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Imperial Gazetteer of India, v. 10, p. 1.


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IMPERIAL GAZETTEER
OF INDIA
VOLUME X
Central Provinces.-A Province under a Chief Commissioner, or
Local Administration, situated in the centre of the peninsula, and
comprising a large portion of the broad belt of hill and plateau country
which separates the plains of Hindustan from the Deccan 1. The
Province lies between 17 47' and 24 27' N. and between 75 57' and
84 24' E. Its shape from north-west to south-east approximates to that
of a rectangle, broader at the lower than at the upper extremity. The
extreme length from north to south is 500 miles and the breadth from
east to west also about 500 miles, while the area is 113,281 square miles,
of which 82,093 are British territory and the remainder held by Feudatory
chiefs. The Province is bounded on the north and north-west by the
Central India States, and along a small strip of Saugor District by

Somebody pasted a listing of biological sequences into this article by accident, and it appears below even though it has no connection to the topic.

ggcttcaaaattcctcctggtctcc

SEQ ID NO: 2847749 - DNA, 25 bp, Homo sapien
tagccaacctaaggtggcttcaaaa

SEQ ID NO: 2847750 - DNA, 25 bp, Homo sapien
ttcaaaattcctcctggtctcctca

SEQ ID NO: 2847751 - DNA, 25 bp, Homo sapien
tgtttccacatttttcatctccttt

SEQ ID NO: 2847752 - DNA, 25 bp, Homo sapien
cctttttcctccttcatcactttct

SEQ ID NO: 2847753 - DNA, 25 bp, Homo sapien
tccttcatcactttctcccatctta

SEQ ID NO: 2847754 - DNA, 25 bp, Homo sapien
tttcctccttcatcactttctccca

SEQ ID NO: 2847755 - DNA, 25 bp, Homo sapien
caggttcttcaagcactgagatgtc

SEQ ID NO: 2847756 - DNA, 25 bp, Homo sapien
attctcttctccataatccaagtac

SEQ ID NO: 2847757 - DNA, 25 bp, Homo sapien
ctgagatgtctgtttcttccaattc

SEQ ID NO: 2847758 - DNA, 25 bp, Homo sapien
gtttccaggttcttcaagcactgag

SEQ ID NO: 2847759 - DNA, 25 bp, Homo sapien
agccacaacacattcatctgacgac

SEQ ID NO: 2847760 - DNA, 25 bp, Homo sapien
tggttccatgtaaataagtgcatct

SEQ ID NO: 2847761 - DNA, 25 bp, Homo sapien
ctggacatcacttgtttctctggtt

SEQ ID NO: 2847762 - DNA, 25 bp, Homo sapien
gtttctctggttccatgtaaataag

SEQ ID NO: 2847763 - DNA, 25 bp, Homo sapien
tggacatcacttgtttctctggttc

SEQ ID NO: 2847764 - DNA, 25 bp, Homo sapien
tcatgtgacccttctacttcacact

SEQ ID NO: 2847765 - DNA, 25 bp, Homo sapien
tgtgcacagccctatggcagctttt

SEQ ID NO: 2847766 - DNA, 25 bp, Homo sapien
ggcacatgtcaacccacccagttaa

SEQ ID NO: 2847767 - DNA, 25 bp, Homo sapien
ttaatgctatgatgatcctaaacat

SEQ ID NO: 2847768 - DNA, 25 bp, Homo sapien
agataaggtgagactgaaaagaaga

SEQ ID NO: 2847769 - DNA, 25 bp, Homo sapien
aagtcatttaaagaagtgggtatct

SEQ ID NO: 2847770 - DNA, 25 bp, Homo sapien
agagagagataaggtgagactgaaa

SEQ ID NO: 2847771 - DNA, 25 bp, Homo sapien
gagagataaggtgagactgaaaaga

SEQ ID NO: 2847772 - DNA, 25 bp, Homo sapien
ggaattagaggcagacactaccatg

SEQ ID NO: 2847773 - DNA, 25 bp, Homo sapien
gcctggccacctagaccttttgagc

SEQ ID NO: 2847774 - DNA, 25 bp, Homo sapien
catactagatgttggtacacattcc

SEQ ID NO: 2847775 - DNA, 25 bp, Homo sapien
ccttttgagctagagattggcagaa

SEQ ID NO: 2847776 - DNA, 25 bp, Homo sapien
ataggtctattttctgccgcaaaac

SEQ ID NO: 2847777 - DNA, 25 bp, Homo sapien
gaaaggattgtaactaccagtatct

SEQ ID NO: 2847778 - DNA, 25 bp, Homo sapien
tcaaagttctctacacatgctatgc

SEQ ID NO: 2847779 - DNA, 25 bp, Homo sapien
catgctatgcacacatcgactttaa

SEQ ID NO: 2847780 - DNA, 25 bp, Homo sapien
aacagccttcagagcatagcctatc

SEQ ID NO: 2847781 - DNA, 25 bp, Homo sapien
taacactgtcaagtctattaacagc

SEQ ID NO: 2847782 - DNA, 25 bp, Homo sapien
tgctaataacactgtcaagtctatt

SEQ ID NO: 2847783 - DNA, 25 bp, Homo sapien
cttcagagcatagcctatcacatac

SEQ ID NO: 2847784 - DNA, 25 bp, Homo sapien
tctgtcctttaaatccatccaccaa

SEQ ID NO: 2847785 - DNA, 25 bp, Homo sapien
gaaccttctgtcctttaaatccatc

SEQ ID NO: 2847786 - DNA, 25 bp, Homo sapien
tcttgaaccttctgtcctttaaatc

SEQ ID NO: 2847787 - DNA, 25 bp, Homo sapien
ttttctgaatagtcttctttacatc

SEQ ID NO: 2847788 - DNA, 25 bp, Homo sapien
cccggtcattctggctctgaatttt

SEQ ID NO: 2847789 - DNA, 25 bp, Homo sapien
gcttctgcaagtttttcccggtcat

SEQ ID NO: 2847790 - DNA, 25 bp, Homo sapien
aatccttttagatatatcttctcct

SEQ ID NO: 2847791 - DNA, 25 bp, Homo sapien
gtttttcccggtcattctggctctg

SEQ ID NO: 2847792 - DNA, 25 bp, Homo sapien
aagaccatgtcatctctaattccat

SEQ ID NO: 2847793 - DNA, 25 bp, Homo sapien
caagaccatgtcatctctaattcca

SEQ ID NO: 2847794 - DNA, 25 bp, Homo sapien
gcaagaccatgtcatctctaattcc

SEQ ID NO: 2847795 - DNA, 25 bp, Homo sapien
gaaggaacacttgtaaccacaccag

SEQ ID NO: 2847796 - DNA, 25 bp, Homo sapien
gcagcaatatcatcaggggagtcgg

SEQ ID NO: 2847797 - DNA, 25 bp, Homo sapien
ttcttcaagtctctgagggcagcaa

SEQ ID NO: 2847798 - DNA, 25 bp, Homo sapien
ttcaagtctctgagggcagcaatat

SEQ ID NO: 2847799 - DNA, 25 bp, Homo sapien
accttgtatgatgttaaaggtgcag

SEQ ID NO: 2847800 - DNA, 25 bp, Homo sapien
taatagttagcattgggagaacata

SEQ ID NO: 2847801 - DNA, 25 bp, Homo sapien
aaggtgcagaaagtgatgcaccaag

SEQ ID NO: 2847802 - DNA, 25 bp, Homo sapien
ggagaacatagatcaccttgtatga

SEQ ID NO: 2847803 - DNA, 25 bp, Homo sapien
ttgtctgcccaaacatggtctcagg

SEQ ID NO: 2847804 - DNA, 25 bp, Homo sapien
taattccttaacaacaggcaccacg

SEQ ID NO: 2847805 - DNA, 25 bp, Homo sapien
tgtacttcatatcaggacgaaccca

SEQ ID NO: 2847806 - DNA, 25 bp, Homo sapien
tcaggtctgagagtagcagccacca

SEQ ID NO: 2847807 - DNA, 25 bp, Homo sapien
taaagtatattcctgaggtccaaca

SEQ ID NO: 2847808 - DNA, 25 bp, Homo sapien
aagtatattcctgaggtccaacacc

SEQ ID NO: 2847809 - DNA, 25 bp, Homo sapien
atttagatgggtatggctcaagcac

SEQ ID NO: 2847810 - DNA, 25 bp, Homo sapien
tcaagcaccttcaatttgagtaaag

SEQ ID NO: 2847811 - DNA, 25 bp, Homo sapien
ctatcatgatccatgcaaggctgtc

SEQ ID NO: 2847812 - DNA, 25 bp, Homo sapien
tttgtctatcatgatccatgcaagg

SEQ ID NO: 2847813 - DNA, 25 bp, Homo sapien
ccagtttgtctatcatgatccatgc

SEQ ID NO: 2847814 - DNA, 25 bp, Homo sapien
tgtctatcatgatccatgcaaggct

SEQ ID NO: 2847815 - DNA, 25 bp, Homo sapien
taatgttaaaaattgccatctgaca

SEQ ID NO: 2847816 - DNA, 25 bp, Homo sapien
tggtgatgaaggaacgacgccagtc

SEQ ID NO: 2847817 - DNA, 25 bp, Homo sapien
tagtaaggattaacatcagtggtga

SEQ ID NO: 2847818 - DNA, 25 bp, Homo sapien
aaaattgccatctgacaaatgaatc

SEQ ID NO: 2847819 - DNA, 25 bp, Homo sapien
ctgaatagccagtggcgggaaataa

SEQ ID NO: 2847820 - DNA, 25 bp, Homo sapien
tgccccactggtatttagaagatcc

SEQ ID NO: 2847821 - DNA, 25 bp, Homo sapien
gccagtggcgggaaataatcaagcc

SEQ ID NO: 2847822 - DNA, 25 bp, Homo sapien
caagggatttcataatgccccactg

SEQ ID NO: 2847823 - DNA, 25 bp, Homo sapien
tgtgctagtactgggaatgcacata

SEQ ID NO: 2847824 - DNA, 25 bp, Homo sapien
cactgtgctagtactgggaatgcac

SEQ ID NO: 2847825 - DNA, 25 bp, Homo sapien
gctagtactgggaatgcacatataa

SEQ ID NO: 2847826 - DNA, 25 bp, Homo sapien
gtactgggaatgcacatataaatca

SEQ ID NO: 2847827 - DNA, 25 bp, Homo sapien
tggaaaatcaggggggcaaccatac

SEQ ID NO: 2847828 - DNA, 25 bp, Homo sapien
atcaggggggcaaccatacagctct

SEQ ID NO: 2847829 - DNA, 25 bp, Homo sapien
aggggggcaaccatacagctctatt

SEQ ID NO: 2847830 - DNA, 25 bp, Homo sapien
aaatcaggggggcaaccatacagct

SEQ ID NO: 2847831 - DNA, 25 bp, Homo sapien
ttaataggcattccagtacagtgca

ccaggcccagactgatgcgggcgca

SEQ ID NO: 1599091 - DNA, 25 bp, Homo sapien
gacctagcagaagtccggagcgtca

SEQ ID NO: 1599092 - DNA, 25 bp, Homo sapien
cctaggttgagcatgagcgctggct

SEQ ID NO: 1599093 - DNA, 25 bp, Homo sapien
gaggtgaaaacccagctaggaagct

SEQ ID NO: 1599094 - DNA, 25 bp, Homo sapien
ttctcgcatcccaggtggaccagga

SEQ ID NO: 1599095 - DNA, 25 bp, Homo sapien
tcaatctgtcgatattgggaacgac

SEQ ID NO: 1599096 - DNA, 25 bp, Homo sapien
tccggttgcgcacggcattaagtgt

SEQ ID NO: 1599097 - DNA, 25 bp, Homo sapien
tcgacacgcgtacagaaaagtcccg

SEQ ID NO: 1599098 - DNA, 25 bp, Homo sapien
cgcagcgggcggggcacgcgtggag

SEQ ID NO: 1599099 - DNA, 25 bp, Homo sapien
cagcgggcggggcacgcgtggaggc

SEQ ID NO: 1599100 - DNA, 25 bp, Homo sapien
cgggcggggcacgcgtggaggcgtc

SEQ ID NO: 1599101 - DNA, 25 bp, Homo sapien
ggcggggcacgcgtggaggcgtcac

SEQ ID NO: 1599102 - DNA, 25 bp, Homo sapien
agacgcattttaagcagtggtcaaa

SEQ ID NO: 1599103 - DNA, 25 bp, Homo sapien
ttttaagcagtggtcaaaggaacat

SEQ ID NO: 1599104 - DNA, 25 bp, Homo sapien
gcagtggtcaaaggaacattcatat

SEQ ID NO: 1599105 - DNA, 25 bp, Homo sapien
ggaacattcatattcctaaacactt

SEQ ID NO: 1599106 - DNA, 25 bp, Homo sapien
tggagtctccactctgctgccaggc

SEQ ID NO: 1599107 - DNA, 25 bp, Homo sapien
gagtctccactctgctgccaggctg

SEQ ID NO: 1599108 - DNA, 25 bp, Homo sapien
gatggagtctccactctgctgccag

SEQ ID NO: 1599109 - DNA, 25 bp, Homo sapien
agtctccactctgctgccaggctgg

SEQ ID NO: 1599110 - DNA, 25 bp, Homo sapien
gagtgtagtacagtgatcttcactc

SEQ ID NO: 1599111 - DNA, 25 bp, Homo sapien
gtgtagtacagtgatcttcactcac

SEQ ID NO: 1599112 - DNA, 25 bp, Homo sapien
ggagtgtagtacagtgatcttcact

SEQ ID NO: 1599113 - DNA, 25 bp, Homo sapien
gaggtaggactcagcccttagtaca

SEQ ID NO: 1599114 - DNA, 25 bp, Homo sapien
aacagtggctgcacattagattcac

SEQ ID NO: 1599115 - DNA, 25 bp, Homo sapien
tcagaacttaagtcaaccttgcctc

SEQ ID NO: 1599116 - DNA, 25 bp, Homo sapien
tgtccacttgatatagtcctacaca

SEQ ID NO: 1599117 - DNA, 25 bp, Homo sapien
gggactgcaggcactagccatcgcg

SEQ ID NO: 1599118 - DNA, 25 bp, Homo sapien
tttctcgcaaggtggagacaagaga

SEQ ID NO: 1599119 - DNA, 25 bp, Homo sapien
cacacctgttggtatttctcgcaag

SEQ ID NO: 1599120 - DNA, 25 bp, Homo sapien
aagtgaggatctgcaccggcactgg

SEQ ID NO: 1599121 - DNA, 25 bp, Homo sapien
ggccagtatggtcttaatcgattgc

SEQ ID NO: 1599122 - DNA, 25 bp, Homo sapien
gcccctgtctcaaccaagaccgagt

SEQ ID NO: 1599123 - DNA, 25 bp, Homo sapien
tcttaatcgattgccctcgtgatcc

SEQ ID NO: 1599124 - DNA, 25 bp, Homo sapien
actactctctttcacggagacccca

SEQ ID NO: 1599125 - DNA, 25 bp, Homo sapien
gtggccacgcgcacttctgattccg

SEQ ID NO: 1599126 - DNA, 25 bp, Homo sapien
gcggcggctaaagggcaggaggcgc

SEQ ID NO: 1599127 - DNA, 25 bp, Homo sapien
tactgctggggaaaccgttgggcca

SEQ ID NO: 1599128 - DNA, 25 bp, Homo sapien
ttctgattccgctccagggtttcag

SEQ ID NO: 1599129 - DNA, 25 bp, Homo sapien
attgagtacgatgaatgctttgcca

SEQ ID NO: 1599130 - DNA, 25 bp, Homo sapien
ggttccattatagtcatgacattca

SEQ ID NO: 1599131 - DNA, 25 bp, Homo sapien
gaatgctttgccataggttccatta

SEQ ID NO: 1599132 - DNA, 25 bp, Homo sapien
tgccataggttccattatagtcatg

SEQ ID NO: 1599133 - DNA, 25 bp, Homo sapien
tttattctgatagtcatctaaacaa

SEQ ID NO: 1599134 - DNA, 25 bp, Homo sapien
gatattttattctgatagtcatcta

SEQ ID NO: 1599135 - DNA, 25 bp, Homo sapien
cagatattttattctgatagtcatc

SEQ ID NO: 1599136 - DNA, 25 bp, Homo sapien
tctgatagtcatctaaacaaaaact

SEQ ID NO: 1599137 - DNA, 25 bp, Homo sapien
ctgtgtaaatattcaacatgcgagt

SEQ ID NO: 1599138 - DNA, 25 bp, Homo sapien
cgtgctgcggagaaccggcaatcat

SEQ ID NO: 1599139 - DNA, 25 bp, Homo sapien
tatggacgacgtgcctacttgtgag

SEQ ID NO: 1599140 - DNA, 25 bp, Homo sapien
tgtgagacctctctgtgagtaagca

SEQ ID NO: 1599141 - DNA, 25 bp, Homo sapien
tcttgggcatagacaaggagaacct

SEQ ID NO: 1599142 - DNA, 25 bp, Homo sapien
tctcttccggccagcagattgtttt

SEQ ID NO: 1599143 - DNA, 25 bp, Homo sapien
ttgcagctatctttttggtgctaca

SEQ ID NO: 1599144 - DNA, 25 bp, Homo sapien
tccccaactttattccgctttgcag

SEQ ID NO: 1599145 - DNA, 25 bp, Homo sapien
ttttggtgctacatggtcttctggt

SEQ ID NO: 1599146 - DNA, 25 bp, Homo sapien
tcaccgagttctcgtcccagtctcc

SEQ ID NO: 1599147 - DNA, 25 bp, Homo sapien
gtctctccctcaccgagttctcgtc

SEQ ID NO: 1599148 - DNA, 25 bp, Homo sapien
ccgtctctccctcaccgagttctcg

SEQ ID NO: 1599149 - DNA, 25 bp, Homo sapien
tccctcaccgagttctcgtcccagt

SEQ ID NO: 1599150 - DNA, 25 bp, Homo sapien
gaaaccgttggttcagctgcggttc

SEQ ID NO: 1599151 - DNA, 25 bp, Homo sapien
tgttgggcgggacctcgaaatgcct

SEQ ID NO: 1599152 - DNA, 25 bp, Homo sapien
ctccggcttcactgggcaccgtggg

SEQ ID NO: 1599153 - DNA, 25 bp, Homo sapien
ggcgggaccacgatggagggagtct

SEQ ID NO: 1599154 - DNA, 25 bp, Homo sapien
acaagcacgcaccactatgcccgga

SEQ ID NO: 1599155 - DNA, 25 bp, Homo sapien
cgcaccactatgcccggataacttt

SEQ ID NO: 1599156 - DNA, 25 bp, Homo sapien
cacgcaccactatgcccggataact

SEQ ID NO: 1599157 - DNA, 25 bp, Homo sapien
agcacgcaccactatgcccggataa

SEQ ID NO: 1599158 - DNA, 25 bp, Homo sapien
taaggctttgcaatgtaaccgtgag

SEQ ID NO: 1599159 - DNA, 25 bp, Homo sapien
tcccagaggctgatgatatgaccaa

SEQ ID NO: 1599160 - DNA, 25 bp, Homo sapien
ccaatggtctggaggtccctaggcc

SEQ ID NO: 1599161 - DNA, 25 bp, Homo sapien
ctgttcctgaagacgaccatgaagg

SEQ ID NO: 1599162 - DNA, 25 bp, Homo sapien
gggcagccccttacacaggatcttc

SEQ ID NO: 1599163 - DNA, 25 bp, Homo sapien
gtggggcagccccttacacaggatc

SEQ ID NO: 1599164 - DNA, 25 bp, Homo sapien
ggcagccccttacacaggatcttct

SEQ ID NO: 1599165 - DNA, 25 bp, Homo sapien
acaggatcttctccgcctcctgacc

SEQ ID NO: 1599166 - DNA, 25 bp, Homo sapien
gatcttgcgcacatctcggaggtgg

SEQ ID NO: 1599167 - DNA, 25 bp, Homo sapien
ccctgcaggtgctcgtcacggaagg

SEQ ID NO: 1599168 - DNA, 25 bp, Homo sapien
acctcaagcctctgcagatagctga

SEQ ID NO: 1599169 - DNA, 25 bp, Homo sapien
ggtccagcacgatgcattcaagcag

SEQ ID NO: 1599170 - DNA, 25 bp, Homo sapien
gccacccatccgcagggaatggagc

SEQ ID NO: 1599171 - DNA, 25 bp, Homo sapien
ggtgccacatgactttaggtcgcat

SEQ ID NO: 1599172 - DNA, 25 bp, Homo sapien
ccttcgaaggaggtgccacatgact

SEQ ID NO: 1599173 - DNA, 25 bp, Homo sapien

the United Provinces; on the west by the States of Bhopal and Indore,
and by the Khandesh District of Bombay; on the south by Berar,
the Nizam's Dominions, and large zaminddri estates of the Madras
Presidency; and on the east by the last, and by the Tributary States
of Bengal. The Central Provinces are thus enclosed on nearly every
side by Native States, and are cut off geographically from other British
Provinces.
The Province may be divided from north-west to south-east into
three tracts of upland, alternating with two of plain
country. In the north-west the Districts of Saugor Physical
aspects.
and Damoh lie on the Vindhyan or Malwa plateau,
the southern face of which rises almost sheer from the valley of
1 Since October 1, 19o3, Berar has been administered by the Chief Commissioner of
the Central Provinces. But except where the contrary is expressly stated, this article
treats of the Central Provinces without Berar. In 19o5 the greater part of Sambalpur
District, together with the five Feudatory States of Bamra, Rairakhol, Sonpur, Patna,
and Kalahandi, were transferred to Bengal, while the five Feudatory States of Chang
Bhakar, Korea, Surguja, Udaipur, and Jashpur were transferred from Bengal to the
Central Provinces. The statistics of area and population have been altered to show
the effect of these transfers, but the other statistics contained in this article are for the
area of the Central Provinces as it stood in 1903-4 before the transfers.
VOL. X. B
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